Achieving translation in models of visceral pain

Curr Opin Pharmacol. 2011 Dec;11(6):575-81. doi: 10.1016/j.coph.2011.09.008. Epub 2011 Oct 13.

Abstract

The failure of drugs to modify pain end points in clinical trials for irritable bowel syndrome (IBS) highlights the knowledge gap that exists in the translation of efficacy in animal models of visceral pain into the clinic. Recent progress has been made towards improving the translation of visceral pain, particularly with regard to the activation of the sensory nerves which relay pain from the gut to the brain. This review will focus on studies which have identified the presence of an altered gastrointestinal and immune environment in IBS patients. The development of human gastrointestinal visceral afferent recordings has allowed direct comparison between sensory nerve studies in animals and human, as well as important advances in our understanding of the ion channels that underpin the changes in sensory nerve excitability.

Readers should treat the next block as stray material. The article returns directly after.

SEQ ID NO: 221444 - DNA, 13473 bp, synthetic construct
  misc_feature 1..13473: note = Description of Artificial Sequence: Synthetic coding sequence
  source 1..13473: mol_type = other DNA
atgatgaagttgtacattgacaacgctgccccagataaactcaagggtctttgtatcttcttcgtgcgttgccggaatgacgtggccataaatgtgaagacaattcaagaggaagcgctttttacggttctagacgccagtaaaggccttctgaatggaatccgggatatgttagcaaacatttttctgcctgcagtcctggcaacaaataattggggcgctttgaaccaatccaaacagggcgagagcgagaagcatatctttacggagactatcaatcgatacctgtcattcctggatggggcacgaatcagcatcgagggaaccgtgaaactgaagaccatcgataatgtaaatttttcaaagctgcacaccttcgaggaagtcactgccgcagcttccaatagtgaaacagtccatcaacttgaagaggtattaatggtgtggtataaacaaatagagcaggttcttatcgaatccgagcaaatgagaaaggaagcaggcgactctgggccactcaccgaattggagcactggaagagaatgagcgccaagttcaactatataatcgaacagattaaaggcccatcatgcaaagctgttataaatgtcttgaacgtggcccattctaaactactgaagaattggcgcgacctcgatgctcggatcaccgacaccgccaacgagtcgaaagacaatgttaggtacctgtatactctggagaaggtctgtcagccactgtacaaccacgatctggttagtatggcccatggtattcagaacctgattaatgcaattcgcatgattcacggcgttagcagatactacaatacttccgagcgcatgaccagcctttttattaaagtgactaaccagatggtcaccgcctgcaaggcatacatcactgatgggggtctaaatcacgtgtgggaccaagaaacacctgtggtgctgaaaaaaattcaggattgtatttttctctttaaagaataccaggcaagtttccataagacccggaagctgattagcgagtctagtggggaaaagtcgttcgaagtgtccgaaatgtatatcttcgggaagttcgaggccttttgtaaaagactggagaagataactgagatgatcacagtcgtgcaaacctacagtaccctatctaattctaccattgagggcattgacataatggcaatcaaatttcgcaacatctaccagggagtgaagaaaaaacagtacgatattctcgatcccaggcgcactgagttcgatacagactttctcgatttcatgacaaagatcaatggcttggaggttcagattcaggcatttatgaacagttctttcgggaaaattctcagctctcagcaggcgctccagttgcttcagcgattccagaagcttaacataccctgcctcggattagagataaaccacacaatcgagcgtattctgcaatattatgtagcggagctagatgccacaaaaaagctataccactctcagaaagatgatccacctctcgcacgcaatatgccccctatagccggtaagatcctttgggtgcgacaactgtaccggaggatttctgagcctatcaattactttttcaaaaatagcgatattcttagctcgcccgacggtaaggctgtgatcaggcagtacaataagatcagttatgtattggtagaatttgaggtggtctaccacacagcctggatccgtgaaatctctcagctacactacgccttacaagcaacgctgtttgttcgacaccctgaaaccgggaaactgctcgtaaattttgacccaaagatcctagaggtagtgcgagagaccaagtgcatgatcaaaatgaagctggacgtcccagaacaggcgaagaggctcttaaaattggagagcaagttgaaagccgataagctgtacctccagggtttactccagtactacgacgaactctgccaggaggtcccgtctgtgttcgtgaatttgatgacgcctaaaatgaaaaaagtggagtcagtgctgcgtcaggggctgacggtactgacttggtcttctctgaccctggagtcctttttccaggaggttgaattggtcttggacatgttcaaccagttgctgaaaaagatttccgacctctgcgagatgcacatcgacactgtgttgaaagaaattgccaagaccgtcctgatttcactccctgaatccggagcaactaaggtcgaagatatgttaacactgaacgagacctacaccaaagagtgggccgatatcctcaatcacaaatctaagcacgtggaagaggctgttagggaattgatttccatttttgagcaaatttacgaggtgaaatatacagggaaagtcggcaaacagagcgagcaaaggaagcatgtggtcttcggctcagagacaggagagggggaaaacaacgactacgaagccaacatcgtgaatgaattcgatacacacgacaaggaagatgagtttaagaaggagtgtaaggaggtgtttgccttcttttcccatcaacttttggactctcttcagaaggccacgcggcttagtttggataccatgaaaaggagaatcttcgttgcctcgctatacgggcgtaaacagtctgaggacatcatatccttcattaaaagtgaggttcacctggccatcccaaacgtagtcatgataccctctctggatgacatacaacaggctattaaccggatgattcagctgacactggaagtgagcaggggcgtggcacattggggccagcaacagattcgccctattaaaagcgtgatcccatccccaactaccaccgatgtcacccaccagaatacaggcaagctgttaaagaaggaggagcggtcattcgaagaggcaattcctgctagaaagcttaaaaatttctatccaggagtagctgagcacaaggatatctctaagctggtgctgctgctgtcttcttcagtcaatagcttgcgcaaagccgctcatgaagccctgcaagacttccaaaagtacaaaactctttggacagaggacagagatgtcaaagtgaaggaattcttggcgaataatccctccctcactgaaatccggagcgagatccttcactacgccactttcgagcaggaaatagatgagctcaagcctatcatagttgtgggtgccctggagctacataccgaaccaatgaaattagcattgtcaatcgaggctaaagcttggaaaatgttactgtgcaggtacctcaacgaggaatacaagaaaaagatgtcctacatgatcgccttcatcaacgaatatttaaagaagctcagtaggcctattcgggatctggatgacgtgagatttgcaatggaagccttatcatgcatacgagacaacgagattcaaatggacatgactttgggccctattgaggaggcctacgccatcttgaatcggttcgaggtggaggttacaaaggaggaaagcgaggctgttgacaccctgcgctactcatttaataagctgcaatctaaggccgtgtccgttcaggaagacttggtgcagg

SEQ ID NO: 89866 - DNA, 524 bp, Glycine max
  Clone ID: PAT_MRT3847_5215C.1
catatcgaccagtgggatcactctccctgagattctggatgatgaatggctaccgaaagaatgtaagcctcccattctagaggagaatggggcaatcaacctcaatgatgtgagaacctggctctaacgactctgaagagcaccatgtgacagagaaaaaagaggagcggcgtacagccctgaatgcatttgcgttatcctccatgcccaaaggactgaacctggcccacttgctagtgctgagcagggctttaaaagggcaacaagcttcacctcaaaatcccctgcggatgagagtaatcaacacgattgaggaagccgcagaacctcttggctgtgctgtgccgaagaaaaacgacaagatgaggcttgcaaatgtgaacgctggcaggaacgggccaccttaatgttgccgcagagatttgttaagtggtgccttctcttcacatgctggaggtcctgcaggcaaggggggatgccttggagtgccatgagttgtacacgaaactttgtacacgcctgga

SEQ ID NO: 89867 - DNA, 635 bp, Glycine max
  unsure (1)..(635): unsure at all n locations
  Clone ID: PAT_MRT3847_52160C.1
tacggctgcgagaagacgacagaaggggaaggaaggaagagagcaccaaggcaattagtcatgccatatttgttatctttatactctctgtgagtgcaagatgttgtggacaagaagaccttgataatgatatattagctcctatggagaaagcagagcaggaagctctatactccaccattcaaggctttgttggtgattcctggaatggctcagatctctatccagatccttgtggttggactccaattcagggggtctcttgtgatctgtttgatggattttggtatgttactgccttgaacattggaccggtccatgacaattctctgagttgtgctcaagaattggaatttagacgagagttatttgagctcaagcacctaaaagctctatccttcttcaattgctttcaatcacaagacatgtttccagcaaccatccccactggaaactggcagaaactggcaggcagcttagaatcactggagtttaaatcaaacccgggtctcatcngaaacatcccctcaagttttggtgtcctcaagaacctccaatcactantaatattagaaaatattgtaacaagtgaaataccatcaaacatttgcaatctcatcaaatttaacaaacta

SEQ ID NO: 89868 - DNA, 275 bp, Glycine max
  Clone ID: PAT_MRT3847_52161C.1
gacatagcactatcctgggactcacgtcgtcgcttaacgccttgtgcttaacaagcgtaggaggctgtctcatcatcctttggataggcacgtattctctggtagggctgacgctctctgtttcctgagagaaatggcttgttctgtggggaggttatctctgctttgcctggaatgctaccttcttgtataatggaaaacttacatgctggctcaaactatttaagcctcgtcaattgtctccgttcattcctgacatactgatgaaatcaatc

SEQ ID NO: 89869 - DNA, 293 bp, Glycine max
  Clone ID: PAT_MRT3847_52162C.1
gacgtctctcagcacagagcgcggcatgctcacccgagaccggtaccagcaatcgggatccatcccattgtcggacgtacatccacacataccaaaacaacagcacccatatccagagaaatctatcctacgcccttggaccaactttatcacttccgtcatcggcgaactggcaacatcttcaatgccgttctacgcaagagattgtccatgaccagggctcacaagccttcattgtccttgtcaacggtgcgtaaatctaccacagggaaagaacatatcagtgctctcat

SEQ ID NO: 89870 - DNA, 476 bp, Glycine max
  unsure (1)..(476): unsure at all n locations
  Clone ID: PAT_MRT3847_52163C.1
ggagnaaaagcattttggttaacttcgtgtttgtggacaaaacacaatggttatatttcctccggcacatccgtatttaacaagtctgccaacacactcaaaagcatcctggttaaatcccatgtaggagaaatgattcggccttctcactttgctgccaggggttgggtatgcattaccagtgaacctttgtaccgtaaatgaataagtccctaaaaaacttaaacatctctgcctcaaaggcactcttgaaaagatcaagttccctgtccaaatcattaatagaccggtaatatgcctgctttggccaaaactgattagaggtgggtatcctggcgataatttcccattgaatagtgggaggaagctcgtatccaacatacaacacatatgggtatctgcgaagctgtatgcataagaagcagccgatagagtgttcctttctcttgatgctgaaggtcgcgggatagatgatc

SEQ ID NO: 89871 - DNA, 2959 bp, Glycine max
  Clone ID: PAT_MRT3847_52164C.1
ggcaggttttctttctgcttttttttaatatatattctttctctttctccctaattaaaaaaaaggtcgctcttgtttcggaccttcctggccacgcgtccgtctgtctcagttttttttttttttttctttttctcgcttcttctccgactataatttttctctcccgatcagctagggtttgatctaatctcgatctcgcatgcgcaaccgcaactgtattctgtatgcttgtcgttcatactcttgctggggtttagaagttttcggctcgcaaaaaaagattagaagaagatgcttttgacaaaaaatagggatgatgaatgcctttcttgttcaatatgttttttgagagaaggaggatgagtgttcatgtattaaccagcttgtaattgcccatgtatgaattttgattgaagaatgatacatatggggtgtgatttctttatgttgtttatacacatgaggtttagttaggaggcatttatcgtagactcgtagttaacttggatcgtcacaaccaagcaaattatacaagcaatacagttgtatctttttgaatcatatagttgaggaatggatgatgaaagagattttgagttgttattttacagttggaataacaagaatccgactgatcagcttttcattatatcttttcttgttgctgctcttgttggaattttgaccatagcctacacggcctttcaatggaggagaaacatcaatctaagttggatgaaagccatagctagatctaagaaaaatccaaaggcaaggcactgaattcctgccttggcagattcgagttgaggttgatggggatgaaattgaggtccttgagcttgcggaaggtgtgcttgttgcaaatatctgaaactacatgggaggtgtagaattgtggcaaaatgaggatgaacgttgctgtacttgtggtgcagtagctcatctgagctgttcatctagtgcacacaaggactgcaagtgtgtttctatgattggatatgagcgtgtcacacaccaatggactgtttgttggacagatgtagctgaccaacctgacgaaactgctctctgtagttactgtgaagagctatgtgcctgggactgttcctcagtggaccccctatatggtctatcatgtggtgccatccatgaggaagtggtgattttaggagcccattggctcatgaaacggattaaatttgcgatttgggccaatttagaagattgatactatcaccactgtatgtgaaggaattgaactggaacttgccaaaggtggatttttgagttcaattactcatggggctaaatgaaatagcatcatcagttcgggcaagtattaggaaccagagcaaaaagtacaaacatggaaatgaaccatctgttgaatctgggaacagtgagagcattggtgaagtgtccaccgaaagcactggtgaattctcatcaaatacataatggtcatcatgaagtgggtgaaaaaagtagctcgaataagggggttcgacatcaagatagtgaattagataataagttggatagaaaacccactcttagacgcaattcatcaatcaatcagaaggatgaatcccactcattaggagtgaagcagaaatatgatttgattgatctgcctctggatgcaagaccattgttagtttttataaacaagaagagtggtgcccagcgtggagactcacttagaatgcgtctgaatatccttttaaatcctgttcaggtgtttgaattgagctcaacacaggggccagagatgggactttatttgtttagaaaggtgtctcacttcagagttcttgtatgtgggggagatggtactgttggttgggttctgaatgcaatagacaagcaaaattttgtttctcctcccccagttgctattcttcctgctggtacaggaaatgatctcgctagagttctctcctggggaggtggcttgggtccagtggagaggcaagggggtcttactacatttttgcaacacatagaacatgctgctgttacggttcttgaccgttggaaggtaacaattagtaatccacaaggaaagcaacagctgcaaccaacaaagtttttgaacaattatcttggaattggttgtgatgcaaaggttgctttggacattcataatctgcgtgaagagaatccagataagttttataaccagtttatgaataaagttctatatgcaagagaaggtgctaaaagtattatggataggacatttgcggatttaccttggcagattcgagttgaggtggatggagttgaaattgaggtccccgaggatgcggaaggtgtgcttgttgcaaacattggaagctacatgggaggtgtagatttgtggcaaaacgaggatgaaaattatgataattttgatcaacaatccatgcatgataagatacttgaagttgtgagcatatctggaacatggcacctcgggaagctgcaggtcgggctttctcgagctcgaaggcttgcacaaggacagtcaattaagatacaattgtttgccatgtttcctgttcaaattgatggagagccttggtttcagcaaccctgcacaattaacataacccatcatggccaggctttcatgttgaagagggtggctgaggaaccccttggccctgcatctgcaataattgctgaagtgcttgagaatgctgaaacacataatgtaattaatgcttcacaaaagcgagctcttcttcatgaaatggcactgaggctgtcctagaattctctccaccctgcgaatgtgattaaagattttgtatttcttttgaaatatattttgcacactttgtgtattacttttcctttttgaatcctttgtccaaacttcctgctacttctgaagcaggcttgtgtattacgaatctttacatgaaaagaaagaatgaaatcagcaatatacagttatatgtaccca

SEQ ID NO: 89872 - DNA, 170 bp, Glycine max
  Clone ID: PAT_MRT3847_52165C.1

Publication types

  • Review

MeSH terms

  • Abdominal Pain / drug therapy*
  • Abdominal Pain / etiology
  • Analgesics / pharmacology
  • Analgesics / therapeutic use*
  • Animals
  • Disease Models, Animal*
  • Gastrointestinal Agents / pharmacology
  • Gastrointestinal Agents / therapeutic use*
  • Gastrointestinal Tract / drug effects
  • Gastrointestinal Tract / innervation*
  • Gastrointestinal Tract / metabolism
  • Humans
  • Irritable Bowel Syndrome / drug therapy*
  • Irritable Bowel Syndrome / metabolism
  • Irritable Bowel Syndrome / physiopathology
  • Molecular Targeted Therapy
  • Pain Measurement / methods
  • Potassium Channel Blockers / pharmacology
  • Potassium Channel Blockers / therapeutic use
  • Potassium Channels / metabolism
  • Sensory Receptor Cells / drug effects
  • Sensory Receptor Cells / metabolism
  • Sodium Channel Blockers / pharmacology
  • Sodium Channel Blockers / therapeutic use
  • Sodium Channels / metabolism
  • Transient Receptor Potential Channels / antagonists & inhibitors
  • Transient Receptor Potential Channels / metabolism
  • Translational Medical Research*

Substances

  • Analgesics
  • Gastrointestinal Agents
  • Potassium Channel Blockers
  • Potassium Channels
  • Sodium Channel Blockers
  • Sodium Channels
  • Transient Receptor Potential Channels